MARCH 12 — A group of scientists hopes to determine why a hole — estimated at hundreds of square miles — has developed on the bottom of the Atlantic Ocean.
The 12-person team will spend six weeks aboard a $100 million research vessel using underwater cameras to measure the hole, located on the Atlantic Ridge mountain range, which until now has baffled scientists, a news report says. Under normal circumstances, the hole should have filled with volcanic materials as it was formed but was filled instead by the Earth’s mantle.
“It doesn’t quite fit the generally accepted model of plate tectonics,” one researcher says in the report. “We hope to get a direct insight into the processes that go on in the Earth.”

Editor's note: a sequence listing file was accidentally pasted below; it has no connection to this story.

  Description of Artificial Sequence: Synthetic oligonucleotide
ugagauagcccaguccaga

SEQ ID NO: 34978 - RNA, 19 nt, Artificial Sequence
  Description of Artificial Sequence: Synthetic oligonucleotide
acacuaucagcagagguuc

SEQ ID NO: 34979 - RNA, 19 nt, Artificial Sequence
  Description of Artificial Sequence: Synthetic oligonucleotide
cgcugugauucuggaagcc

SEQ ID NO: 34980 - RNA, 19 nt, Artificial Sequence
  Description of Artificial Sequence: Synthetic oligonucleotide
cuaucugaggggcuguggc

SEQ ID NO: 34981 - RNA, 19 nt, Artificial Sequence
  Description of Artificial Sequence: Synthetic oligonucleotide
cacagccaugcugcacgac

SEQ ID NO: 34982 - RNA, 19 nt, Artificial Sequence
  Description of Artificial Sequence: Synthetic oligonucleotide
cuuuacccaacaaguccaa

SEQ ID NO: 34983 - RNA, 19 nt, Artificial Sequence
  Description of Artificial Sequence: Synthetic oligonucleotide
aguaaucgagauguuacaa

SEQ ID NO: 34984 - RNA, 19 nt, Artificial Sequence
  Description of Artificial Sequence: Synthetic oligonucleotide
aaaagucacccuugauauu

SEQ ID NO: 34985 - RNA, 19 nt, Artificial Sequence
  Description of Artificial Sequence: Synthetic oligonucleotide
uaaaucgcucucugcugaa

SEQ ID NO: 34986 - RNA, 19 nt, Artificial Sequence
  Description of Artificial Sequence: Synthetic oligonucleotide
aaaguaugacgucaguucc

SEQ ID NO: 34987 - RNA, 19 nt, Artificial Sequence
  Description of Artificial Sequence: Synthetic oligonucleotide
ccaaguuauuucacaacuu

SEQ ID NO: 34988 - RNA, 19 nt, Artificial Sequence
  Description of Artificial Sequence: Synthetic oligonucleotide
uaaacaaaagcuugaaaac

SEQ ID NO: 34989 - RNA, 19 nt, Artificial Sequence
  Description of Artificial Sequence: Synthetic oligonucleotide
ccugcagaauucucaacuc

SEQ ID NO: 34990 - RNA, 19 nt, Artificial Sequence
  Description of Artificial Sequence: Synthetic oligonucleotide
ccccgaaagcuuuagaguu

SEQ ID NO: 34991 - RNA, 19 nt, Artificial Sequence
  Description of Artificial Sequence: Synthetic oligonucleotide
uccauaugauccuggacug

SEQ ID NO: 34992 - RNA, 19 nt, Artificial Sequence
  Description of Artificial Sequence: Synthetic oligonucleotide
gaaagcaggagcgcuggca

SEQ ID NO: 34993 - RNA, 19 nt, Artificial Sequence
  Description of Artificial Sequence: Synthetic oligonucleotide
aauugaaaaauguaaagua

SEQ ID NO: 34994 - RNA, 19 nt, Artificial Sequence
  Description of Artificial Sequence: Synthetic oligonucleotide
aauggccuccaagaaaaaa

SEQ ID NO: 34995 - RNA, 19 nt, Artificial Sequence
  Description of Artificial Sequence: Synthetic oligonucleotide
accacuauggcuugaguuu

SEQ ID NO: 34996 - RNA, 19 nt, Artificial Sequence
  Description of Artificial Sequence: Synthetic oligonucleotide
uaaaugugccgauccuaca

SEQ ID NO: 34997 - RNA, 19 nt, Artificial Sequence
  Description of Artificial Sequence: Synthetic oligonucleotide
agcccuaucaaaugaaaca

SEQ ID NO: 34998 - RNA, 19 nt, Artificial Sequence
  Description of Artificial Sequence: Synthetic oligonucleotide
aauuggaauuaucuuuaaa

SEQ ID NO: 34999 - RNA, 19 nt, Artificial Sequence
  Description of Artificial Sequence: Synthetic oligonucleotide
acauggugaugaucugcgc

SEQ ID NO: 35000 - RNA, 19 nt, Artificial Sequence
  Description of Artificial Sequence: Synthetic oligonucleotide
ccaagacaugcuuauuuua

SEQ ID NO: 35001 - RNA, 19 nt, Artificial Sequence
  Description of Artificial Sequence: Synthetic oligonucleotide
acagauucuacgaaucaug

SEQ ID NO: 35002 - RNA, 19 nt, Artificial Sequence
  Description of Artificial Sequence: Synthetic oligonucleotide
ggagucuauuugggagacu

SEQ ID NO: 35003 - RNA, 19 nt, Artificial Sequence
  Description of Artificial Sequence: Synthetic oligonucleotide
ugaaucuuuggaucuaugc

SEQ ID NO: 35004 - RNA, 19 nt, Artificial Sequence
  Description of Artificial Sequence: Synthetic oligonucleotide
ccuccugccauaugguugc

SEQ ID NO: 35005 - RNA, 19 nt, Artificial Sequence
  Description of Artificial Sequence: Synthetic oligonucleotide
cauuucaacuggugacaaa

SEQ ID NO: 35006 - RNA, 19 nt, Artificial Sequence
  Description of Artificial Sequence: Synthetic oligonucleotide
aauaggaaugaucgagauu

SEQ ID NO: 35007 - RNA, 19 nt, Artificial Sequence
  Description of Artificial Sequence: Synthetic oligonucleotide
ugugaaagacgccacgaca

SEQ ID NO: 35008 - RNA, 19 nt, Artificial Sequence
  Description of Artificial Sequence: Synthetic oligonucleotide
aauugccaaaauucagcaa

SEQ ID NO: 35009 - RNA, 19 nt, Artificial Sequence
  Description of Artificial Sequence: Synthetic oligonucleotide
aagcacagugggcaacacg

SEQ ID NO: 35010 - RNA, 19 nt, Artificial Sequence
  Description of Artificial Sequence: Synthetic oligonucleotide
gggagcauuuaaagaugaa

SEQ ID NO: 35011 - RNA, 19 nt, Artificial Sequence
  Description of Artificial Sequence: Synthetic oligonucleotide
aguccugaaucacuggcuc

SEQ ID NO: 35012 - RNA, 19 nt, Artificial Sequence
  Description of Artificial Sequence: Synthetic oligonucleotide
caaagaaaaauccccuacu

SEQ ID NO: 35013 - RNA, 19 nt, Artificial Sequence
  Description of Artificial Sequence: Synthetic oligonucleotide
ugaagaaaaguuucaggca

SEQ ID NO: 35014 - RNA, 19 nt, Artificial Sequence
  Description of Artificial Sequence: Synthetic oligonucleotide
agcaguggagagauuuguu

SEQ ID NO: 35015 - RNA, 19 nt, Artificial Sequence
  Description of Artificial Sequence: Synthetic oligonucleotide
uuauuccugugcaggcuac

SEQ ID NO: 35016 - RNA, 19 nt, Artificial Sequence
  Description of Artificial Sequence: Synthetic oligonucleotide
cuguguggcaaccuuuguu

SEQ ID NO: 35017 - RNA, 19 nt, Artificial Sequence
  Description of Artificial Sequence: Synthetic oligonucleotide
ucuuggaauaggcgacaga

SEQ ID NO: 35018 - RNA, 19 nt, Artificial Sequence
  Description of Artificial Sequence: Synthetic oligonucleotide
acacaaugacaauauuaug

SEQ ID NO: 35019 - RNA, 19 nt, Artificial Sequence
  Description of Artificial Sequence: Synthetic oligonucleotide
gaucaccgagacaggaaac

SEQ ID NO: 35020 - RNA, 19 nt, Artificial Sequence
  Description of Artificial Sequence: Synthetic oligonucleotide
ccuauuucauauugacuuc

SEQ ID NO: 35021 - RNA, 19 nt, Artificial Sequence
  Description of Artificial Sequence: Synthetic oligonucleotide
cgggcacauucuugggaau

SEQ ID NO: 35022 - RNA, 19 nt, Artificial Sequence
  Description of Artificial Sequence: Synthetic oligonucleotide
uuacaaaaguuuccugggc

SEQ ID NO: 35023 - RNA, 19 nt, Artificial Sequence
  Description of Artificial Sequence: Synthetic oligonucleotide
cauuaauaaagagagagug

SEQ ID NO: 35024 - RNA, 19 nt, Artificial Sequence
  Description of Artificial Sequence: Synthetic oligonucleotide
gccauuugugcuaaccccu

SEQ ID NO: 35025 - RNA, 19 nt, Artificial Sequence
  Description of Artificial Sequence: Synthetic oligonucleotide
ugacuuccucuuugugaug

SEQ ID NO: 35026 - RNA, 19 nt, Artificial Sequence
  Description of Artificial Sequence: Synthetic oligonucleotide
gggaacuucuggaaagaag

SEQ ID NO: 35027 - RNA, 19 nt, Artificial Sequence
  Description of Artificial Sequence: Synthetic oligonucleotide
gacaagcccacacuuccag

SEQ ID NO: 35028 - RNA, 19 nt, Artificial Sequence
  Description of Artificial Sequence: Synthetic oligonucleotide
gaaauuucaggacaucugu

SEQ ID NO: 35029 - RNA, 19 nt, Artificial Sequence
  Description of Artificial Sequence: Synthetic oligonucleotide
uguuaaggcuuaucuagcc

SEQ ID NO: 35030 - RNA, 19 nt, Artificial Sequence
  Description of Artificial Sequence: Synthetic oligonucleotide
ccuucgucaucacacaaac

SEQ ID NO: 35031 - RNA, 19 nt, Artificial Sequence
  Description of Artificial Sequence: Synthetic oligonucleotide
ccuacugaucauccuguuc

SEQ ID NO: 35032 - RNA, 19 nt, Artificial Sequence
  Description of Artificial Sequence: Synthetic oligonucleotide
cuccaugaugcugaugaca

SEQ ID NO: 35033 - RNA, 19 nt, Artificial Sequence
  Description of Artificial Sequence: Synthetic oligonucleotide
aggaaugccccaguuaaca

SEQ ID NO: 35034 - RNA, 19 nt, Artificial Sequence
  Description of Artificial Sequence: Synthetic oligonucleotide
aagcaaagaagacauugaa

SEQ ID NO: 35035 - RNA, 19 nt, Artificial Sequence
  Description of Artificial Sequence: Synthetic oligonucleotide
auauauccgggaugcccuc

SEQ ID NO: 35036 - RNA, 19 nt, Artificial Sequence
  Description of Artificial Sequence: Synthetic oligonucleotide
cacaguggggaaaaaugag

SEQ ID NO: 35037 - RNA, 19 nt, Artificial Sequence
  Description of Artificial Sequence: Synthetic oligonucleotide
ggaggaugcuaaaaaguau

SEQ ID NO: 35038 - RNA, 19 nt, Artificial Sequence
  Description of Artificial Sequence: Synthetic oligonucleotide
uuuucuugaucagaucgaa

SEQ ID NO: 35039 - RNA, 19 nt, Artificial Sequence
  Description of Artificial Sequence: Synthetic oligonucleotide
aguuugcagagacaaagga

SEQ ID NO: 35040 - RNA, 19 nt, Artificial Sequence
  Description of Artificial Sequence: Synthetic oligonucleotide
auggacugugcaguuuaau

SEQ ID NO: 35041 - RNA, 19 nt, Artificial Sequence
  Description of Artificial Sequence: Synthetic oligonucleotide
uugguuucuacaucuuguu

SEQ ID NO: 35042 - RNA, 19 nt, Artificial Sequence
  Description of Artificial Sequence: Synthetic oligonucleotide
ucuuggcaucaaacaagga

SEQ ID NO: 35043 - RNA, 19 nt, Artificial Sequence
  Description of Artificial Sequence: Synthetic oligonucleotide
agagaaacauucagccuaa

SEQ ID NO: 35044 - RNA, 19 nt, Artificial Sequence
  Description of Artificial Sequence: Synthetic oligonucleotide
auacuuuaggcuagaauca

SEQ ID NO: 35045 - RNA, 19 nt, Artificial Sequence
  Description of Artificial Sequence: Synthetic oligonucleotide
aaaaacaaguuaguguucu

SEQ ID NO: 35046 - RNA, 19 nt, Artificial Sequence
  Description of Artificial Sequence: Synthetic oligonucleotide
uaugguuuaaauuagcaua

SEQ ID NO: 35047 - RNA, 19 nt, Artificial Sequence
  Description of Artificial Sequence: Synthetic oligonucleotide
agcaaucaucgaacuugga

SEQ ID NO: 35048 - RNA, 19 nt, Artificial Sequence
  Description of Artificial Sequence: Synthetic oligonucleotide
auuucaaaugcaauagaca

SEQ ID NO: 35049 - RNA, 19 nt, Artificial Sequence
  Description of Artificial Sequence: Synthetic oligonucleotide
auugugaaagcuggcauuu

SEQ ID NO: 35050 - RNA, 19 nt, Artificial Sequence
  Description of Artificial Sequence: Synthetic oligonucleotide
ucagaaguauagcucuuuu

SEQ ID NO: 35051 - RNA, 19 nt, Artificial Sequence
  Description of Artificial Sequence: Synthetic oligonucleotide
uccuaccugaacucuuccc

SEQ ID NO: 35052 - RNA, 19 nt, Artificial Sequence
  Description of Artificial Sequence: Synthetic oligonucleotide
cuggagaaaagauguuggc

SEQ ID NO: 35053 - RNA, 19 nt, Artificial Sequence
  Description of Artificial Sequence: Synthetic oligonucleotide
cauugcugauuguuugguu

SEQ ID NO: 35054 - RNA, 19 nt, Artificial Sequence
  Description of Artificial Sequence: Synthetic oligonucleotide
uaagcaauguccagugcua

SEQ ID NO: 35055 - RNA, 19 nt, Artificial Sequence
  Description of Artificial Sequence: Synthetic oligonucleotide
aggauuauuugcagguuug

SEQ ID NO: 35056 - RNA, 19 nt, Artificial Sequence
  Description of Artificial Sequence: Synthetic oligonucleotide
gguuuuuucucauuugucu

Some scientists hypothesize that the hole was created because mantle material was pushed up in solid form instead of magma when tectonic plates pulled apart, the report says. Others believe the Earth’s crust was somehow ripped sideways, which left the hole.
The team will also launch a robotic submarine that will dive some 16,000 feet below the surface to drill for samples of the mantle, the report says.
— Jason Fell